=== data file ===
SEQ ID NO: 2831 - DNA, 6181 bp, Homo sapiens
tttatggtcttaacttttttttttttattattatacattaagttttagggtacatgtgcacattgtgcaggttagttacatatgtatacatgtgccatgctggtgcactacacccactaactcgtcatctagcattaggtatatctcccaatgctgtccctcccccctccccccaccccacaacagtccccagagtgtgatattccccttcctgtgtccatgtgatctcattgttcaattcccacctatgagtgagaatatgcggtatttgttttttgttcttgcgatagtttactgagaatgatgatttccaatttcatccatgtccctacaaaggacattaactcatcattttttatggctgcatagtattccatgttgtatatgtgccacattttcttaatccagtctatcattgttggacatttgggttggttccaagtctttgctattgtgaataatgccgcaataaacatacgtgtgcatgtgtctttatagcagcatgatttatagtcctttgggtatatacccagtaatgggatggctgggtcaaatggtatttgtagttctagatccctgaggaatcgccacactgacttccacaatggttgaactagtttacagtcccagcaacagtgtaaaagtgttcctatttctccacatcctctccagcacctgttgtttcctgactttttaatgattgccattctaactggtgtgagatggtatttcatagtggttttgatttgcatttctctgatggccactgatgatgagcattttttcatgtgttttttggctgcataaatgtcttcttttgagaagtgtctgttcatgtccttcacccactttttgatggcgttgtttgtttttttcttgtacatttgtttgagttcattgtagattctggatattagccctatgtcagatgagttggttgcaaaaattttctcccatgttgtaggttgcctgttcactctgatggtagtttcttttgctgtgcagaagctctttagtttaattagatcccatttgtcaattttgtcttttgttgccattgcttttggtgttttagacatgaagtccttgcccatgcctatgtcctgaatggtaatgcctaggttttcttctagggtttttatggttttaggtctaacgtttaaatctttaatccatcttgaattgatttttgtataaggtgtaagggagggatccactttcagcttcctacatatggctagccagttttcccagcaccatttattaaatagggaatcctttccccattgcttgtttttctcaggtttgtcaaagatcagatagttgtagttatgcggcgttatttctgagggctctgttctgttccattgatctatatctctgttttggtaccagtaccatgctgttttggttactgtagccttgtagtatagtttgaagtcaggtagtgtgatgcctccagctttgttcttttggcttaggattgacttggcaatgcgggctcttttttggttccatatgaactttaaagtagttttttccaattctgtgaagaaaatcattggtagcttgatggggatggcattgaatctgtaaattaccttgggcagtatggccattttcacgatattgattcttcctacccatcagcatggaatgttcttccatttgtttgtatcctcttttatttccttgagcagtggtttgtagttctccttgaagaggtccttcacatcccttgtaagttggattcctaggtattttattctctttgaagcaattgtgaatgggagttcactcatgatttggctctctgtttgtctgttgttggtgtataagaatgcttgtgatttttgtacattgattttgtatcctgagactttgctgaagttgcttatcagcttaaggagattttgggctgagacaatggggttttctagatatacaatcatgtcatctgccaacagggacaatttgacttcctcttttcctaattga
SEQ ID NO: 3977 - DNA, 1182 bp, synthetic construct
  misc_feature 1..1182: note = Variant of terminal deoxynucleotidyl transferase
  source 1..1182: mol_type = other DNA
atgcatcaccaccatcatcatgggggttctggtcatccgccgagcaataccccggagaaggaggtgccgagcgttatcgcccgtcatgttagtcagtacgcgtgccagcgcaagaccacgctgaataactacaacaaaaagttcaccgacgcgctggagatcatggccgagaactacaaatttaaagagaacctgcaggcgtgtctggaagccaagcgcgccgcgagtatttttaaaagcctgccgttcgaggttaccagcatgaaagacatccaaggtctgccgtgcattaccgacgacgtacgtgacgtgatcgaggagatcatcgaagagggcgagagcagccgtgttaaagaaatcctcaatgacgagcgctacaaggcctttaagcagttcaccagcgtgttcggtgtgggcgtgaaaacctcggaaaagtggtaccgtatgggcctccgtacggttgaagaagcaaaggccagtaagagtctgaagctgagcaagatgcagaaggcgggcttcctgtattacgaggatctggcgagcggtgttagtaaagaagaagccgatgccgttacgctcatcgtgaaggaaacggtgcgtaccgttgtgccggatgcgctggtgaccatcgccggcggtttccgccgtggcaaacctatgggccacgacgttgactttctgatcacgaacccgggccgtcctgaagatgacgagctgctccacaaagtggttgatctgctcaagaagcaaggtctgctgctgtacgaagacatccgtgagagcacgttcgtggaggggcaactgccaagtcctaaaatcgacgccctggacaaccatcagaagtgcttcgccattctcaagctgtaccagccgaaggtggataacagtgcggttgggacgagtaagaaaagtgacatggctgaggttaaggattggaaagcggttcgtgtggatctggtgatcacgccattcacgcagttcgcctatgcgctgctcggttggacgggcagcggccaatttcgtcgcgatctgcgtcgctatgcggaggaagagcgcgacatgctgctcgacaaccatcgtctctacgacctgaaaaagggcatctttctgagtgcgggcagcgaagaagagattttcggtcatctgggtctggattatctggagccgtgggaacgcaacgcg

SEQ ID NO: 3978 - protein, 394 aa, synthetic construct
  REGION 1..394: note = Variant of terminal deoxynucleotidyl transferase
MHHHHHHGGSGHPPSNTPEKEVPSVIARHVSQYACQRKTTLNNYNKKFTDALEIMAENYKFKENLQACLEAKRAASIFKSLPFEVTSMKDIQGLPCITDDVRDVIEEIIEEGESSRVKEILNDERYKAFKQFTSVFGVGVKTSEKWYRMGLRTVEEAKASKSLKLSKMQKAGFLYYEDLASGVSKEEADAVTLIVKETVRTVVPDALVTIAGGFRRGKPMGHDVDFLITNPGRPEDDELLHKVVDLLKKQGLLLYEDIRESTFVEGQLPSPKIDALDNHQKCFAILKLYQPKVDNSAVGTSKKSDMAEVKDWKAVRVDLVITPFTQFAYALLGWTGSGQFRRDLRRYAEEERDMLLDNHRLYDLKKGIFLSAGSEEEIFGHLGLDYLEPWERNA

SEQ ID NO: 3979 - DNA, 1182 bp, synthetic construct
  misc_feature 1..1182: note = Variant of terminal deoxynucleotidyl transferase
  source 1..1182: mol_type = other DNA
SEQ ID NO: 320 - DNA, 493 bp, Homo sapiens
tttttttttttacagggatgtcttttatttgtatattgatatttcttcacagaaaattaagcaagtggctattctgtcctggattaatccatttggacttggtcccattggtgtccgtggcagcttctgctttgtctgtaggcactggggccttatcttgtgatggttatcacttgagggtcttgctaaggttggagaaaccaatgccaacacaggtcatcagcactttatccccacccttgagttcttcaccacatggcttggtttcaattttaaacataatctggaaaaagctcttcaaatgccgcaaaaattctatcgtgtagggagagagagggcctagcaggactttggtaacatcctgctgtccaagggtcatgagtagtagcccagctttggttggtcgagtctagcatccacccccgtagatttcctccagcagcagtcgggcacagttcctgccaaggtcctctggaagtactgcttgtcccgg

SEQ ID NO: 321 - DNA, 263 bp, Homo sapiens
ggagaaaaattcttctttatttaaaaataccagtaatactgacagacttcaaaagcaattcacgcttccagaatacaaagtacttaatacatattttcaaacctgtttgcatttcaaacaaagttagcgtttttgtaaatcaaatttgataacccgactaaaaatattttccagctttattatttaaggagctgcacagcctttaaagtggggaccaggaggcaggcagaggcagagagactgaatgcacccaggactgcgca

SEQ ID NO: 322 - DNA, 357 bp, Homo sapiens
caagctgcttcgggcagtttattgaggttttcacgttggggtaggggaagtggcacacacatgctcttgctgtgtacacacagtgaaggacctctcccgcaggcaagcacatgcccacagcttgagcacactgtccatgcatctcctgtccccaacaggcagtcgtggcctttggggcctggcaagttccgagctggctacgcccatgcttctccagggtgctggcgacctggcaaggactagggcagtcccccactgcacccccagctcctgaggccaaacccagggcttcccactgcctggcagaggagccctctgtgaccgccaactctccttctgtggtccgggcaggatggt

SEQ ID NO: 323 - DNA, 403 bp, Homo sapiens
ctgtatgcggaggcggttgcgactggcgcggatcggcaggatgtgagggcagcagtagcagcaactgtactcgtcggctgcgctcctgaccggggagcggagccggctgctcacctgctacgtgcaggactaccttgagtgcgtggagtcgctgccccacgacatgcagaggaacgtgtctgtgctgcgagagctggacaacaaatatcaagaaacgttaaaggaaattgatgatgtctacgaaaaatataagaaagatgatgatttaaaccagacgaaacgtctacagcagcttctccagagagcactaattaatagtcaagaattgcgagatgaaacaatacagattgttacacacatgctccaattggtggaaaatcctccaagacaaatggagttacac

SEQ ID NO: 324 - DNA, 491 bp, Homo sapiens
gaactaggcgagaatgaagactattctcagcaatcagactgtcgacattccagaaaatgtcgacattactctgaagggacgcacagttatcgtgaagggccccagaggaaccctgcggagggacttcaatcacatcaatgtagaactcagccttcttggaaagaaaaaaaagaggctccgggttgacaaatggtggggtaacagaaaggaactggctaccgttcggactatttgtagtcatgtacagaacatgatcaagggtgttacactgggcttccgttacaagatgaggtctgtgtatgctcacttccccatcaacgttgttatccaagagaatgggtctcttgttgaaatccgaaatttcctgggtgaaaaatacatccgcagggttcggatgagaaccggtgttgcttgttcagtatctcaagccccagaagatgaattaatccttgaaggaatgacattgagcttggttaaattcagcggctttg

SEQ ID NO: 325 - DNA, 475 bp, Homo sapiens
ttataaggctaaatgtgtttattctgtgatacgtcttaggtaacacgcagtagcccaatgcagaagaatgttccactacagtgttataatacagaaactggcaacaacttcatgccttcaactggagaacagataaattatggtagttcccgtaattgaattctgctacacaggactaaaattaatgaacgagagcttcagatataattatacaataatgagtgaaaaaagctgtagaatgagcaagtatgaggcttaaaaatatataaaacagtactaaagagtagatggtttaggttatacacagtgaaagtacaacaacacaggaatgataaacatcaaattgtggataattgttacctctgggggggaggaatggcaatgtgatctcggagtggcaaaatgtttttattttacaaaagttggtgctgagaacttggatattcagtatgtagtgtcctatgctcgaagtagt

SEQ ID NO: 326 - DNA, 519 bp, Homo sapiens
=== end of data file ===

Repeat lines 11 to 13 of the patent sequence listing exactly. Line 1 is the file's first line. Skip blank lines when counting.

  misc_feature 1..1182: note = Variant of terminal deoxynucleotidyl transferase
  source 1..1182: mol_type = other DNA
SEQ ID NO: 320 - DNA, 493 bp, Homo sapiens